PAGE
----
Bernardston — Churches

Extracted from "History of the Connecticut Valley in Massachusetts, Volume II," by Louis H. Everts, 1879.

      At a proprietors' meeting in June, 1739, a committee was chosen to see to the building of a meeting-house, which was to be 50 feet in length, 40 feet in breadth, and 23 feet between joints. This house was set up and framed in the fall of 1739, and, after some discussion, it was finally set upon lot No. 3, owned by Capt. Wells, on Huckle Hill, and on land now owned (1879) by P. L. Cushman. It is northeast of Bernardston village and a half-mile south of where J. B. Field lives. The house was finished in the summer of 1740, when £20 where appropriated to procure preaching for the ensuing winter. In September, 1741, it was agreed to engage Rev. John Norton, of Berlin, Conn., to settle in the ministry. As a settlement he was to have a seventieth part of the township, or an equal part of the township with each proprietor, the use of the ministry right during his abode in the ministry, and £200, of which latter one-half was to be in money, and one-half in labor or materials for building. His salary was to be £130 per annum for the first five years, and then to advance £5 yearly until it amounted to £170 (the bills to be equal to silver at 29s. per ounce), and his firewood brought to his door. Mr. Norton, accepting the call, was ordained in Deerfield, November, 1741, and at the same time a church was organized. In March, 1745, it was decided, owing to the distractions brought about by the Indian war, to abandon the efforts heretofore made in support of the ministry, and a committee was appointed to ascertain from Mr. Norton upon what terms he would consent "to remove from the work of the ministry in Falltown for the present." What the agreed terms were does not appear, but Mr. Norton relinquished his charge, and shortly thereafter was appointed to be chaplain at Fort Massachusetts, and was there subsequently captured by the Indians and taken a prisoner to Canada, whence he returned, and settled in Chatham, Conn.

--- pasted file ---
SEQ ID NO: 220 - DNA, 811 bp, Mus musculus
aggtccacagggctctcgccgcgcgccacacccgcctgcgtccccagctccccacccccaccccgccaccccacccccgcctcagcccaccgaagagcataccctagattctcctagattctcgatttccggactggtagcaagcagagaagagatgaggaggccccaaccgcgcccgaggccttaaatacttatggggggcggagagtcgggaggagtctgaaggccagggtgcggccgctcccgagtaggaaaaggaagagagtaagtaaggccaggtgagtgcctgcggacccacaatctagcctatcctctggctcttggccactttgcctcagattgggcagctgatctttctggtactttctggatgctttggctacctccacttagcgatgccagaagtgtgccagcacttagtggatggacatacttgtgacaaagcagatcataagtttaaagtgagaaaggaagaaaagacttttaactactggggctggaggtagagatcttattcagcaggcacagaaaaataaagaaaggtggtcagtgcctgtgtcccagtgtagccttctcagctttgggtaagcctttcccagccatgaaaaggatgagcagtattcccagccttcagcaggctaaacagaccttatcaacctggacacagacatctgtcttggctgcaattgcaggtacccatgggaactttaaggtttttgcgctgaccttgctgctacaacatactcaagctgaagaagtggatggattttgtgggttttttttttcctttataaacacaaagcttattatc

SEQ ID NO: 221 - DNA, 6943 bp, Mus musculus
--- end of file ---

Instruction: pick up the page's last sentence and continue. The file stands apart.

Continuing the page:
The prevalence of Indian troubles between 1745 and 1750 caused a partial abandonment of the township, and it was not until 1750 that anything more was done touching church matters, when the proprietors appointed a committee to procure some person to preach for them. There was, however, no settled preacher until 1761, when Rev. Job Wright, of Easthampton, was settled, with a salary of £66 13s. 4d. yearly, together with 40 cords of wood and a settlement of £133 6s. 8d. Incidental to the preparations for the ordination of Mr. Wright, in July, 1761, it was voted "to carry 3000 of boards to lay in the galleries of the meeting-house, so that the people may set with more convenience at the time of the ordination."